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Issue: June 1, 2012

Web Exclusive: Composing for Videogames

By: Christine Morente
When Microsoft Studios asked composer Gordy Haab (below, right) what he thought was the best way for Kinect Star Wars to meet the production value of the original film scores, Haab jokingly said, “The London Symphony.” To his surprise, the studio and LucasArts agreed, and Haab, along with composer Kyle Newmaster, found themselves in London recording original music at the famed Abbey Road Studios with the London Symphony and London Voices Choir. 



The decision to make the game’s score as cinematic as John Williams’ compositions for the popular franchise was one recent example of Hollywood’s steady influence in the video game industry. Large budgets and high production value have replaced cheesy synthesized scores with orchestral masterpieces. Keeping up with quality of work has spurred on unique musical collaborations, and the hiring of prolific composers as well as actors and voice actors. 

“In order to really capture an audience, you have to create somewhat of an epic experience for the player,” says Haab, who also composed music for LucasArts and BioWare’s Star Wars: The Old Republic and LucasArts’ Indiana Jones and the Staff of Kings. “Treat the score in the same fashion as a blockbuster movie and it of course adds to that larger-than-life experience in game. And hiring a full orchestra is a thing that really heightens that epic sense that the games have these days.”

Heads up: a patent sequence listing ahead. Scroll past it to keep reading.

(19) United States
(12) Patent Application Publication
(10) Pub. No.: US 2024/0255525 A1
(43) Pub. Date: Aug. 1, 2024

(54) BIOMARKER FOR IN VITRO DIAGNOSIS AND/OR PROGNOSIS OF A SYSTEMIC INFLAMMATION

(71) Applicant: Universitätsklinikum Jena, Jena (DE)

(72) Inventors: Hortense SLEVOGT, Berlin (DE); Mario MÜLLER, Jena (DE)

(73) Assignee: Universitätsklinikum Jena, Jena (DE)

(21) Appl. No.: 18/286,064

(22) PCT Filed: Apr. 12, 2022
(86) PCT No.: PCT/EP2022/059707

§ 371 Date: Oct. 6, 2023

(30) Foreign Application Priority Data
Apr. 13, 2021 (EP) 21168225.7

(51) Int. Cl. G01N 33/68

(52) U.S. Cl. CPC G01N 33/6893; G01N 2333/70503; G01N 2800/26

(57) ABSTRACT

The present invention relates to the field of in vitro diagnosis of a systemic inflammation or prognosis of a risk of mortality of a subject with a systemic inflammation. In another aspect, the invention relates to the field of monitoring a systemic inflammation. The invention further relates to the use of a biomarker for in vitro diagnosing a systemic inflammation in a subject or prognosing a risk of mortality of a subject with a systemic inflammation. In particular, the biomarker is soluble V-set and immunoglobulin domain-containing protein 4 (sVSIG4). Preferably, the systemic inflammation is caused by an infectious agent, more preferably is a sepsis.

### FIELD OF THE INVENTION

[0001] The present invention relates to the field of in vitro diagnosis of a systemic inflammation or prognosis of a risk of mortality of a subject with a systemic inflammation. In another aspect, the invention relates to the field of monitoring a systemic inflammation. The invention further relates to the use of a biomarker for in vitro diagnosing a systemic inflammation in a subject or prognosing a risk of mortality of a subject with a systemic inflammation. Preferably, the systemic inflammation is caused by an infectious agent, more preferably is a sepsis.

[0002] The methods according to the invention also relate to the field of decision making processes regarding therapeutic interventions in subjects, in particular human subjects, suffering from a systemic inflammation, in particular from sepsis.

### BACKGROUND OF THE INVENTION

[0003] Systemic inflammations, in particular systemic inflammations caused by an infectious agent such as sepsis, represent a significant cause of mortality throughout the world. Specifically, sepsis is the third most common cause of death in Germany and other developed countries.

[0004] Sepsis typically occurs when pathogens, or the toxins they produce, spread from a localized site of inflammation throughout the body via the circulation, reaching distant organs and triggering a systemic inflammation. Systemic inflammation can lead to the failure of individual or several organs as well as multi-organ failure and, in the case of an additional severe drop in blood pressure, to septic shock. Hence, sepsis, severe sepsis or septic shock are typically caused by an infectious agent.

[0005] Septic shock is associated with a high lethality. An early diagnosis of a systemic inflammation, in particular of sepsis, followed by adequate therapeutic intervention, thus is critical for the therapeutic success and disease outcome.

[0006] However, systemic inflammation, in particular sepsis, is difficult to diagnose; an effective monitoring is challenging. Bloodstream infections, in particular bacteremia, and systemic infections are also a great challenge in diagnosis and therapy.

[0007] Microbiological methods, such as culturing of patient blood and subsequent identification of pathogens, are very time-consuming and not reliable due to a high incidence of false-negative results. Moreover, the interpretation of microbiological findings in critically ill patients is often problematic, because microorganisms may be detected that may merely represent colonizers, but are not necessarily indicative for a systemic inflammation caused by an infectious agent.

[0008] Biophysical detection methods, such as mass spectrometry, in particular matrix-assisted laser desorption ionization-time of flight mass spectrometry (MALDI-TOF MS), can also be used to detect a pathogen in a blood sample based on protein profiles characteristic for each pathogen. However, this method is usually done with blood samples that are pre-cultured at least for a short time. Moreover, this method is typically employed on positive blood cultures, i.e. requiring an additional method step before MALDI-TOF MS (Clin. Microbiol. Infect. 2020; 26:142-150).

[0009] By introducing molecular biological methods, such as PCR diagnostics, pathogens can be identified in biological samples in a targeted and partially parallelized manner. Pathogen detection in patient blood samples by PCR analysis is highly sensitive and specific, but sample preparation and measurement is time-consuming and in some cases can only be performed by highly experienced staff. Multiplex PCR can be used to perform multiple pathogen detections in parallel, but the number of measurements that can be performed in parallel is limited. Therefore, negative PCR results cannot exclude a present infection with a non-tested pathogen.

Newmaster (below), who is also a film and television composer, agreed.



“They’re taking it as far as they can take it,” he notes. “I hope that continues, especially when some videogame scores are even outselling records online. The quality is there.”

The bigger the score, the better

For the last few years, videogame production budgets have increased — some developers have produced games with a $100 million price tag. According to DigitalBattle, budgets in the early 90s were around $100,000. In today’s standards, that amount wouldn’t cover a month of production. 

Even then, it was rare for games to have an original live orchestral score, notes Emmy-nominated composer David Ari Leon. He worked with a live orchestra 12 years ago when he scored the music for Interplay Entertainment’s Star Trek: Starfleet Command and Fallout Tactics.

“It felt pretty special at the time,” Leon recalls.

Currently, he is scoring music for ABC’s Sea Rescue, and composed music for Universal’s Woody Woodpecker, an iPhone Game of the Week, and Electronic Arts’ Contre Jour. Contre Jour (below, right) is the No. 1 selling game app in iTunes, and “iPad Game of the Year” in more than 10 countries by Apple. Leon said he just finished a score for a freemium app. The game is free to download, but players can buy advanced features. This is another successful trend in the videogame industry, Leon says.



While the size of the speakers for cell phones and tablets limit what a composer can do for a mobile game, Leon believes that mobile game scores will inevitably improve as technology advances.